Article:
More Than 63% of Indian Women’s Cancer Deaths Were Preventable: Lancet Study
A feminist approach to cancer could save more than 800,000 lives across the globe, every single year, experts noted.
In India, 63% of cancer-related deaths among women were preventable if risk factors were reduced by ramping up screening and diagnosis; simultaneously, timely and appropriate treatment could’ve saved the lives of 37%, new research has found.
The Lancet constituted a global, multi-disciplinary commission — including experts in “gender studies, human rights, law, economics, social sciences, cancer epidemiology, prevention, and treatment, as well as patient advocates” — to investigate the glaring gender gap in cancer care, around the world.
“Of the 3 million adults diagnosed with cancer under the age of 50 in 2020, two out of three were women. Cancer is a leading cause of mortality in women and many die in their prime of life, leaving behind an estimated 1 million children in 2020 alone,” Verna Vanderpuye, co-chair of the commission and senior consultant at the National Center for Radiotherapy, Oncology and Nuclear Medicine in Ghana, said, painting a jarring picture of the state of affairs.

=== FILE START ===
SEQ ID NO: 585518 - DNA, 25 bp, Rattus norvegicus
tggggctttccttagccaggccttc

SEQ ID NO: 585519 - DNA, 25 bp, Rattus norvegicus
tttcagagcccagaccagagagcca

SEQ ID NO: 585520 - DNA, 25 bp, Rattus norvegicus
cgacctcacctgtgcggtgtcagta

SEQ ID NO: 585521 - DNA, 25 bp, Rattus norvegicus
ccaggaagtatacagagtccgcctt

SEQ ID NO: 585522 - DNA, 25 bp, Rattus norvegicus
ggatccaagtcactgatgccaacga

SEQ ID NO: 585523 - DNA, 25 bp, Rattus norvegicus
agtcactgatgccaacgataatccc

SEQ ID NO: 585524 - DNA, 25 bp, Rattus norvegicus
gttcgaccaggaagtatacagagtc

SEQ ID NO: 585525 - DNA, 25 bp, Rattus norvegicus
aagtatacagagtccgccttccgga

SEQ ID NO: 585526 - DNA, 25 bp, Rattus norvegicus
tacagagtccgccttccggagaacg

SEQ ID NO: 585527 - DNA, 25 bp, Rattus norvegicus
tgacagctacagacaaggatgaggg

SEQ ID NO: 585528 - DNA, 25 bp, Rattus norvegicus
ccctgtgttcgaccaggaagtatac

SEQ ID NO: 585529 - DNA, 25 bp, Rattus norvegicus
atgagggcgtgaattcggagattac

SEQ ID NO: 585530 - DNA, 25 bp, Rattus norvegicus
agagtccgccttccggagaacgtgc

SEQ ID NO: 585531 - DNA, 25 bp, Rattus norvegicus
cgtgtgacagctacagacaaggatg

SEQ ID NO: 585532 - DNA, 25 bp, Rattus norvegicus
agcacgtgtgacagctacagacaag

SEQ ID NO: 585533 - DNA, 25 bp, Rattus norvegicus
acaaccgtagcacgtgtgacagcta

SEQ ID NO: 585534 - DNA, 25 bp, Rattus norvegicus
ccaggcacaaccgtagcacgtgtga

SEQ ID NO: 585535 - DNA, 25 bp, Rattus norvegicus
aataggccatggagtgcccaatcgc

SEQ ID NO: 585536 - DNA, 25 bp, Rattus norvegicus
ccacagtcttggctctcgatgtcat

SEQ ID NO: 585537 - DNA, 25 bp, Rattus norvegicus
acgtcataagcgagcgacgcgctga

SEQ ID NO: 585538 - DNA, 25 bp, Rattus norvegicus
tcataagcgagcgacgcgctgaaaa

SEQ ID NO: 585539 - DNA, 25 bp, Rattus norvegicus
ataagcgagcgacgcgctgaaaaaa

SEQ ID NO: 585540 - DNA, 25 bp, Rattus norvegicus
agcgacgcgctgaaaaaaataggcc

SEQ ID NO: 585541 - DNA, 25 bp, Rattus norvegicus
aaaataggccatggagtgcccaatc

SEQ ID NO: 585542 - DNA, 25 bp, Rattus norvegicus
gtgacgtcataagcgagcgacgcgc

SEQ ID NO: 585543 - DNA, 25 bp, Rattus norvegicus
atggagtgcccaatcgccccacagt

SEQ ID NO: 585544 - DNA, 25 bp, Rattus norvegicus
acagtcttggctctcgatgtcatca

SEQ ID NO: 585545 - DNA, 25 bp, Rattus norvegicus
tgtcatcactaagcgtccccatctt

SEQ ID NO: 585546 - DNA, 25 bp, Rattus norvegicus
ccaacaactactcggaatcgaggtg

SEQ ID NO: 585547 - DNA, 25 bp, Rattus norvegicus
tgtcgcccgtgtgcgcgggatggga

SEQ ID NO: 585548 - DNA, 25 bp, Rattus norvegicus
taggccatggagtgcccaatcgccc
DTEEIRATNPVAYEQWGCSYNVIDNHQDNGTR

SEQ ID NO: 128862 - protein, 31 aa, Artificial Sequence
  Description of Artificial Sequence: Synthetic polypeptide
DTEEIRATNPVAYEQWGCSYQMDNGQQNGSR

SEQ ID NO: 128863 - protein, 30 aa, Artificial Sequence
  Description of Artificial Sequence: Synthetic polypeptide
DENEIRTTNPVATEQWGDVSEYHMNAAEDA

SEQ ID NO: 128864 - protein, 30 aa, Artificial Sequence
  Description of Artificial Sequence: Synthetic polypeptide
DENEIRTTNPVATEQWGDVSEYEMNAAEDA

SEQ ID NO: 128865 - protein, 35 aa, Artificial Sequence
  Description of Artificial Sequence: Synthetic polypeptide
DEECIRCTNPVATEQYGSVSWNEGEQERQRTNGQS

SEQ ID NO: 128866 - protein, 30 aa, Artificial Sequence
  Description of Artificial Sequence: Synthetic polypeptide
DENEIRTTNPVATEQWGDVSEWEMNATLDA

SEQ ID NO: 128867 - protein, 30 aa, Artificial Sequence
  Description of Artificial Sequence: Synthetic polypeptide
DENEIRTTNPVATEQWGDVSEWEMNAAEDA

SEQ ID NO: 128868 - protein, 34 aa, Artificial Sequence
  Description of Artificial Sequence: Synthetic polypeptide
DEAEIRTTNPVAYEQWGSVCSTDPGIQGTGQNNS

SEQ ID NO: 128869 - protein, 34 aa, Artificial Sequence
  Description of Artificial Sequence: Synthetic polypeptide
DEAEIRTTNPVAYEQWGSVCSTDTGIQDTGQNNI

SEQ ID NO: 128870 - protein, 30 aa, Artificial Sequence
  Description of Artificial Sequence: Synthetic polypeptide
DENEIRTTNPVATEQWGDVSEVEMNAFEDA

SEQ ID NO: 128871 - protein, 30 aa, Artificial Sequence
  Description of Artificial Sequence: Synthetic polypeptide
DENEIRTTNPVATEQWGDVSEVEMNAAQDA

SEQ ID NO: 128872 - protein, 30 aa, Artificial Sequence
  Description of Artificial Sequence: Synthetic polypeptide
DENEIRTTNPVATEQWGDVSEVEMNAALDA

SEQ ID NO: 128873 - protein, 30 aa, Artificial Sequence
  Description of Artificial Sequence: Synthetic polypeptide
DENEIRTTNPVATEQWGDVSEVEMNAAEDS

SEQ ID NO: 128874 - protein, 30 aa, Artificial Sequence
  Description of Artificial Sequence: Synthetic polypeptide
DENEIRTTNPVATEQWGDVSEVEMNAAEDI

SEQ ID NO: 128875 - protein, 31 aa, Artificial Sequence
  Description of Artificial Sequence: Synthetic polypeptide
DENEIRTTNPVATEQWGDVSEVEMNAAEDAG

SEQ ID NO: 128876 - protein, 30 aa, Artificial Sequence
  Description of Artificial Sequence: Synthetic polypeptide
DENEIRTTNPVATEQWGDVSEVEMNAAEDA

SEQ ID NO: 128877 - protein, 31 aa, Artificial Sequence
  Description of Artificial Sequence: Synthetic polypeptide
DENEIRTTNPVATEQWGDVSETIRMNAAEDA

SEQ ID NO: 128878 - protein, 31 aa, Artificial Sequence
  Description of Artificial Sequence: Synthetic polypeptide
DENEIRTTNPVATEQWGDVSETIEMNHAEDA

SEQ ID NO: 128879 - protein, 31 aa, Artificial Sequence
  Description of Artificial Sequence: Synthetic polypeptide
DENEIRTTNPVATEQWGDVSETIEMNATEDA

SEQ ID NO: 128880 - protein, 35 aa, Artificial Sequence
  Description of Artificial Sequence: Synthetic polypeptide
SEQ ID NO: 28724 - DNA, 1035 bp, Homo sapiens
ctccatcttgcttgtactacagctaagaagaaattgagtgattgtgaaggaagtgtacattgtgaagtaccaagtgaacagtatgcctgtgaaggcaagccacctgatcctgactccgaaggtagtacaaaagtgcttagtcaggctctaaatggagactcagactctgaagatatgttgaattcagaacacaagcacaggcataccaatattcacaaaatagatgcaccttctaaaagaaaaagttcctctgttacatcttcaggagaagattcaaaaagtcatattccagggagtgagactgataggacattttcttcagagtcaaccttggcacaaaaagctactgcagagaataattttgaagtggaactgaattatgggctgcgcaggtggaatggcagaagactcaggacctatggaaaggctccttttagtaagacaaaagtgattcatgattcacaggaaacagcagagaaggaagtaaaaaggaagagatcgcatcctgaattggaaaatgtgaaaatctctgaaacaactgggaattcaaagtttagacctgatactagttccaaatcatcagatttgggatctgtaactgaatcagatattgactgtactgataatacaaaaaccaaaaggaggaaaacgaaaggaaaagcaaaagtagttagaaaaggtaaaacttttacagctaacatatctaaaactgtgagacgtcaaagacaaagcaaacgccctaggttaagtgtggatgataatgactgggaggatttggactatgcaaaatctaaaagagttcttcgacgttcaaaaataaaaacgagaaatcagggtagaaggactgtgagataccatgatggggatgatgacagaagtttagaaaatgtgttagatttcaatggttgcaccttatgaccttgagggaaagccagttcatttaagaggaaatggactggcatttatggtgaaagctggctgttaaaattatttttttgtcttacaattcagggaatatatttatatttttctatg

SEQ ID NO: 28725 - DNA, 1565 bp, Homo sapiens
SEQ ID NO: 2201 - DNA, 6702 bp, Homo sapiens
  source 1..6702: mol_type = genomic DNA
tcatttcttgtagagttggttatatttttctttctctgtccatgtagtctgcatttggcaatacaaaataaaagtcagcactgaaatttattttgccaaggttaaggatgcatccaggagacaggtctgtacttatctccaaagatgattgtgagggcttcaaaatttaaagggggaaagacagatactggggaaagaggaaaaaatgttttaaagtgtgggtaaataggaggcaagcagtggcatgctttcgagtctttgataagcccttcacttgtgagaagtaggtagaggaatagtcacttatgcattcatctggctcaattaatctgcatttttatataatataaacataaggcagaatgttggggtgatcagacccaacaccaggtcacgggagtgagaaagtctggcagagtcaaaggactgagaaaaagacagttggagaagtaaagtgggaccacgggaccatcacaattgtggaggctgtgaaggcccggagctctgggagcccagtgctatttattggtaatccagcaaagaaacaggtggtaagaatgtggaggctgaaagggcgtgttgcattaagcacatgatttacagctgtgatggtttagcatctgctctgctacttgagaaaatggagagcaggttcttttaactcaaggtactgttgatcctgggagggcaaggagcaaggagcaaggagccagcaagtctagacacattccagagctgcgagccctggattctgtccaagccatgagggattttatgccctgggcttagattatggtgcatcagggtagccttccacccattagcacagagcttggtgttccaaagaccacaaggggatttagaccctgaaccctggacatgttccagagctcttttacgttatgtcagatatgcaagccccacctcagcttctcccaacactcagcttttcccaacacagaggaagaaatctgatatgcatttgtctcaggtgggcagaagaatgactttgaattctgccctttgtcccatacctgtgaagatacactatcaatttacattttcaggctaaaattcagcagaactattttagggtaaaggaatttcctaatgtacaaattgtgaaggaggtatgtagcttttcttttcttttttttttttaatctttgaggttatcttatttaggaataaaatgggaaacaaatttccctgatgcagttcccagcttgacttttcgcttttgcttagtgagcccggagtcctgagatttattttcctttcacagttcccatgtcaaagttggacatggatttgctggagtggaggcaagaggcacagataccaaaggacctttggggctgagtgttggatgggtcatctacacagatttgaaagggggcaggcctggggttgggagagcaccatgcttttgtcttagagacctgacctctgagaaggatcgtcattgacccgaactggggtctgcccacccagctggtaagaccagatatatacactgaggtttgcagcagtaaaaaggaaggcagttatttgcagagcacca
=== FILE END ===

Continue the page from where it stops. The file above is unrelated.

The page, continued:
Drawing on data from 185 countries, concerning the health of women aged between 30 and 69, a study published in The Lancet, noted how a “feminist approach” to cancer treatment could probably save the lives of a whopping 800,000 women — worldwide, each year. It’s gender inequality in cancer diagnosis and care that is causing avoidable deaths, the authors note.
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“The impact of a patriarchal society on women’s experiences of cancer has gone largely unrecognised. Globally, women’s health is often focused on reproductive and maternal health, aligned with narrow anti-feminist definitions of women’s value and roles in society, while cancer remains wholly underrepresented,” Ophira Ginsburg, an oncologist and senior advisor for clinical research at the National Cancer Institute’s Centre for Global Health who co-chaired the commission, told The Guardian. “Our commission highlights that gender inequalities significantly impact women’s experiences with cancer. To address this, we need cancer to be seen as a priority issue in women’s health, and call for the immediate introduction of a feminist approach to cancer.”
Highlighting a case study included in the research, Indian Express reported how a 36-year-old woman from Mumbai died because she never realized her headaches were being caused by a developing brain cancer. When she brought it up with her physically abusive husband, he dismissed her pain, saying, “If you die, then die. If you live, then live.” She did see a doctor, eventually, who deemed it a mere “eye problem,” exhibiting a sheer lack of gender equity in cancer care.
According to research, the deaths of around 1.3 million women who succumbed to cancer in 2020, can be attributed to four major risk factors for cancer: tobacco, alcohol, obesity, and infections.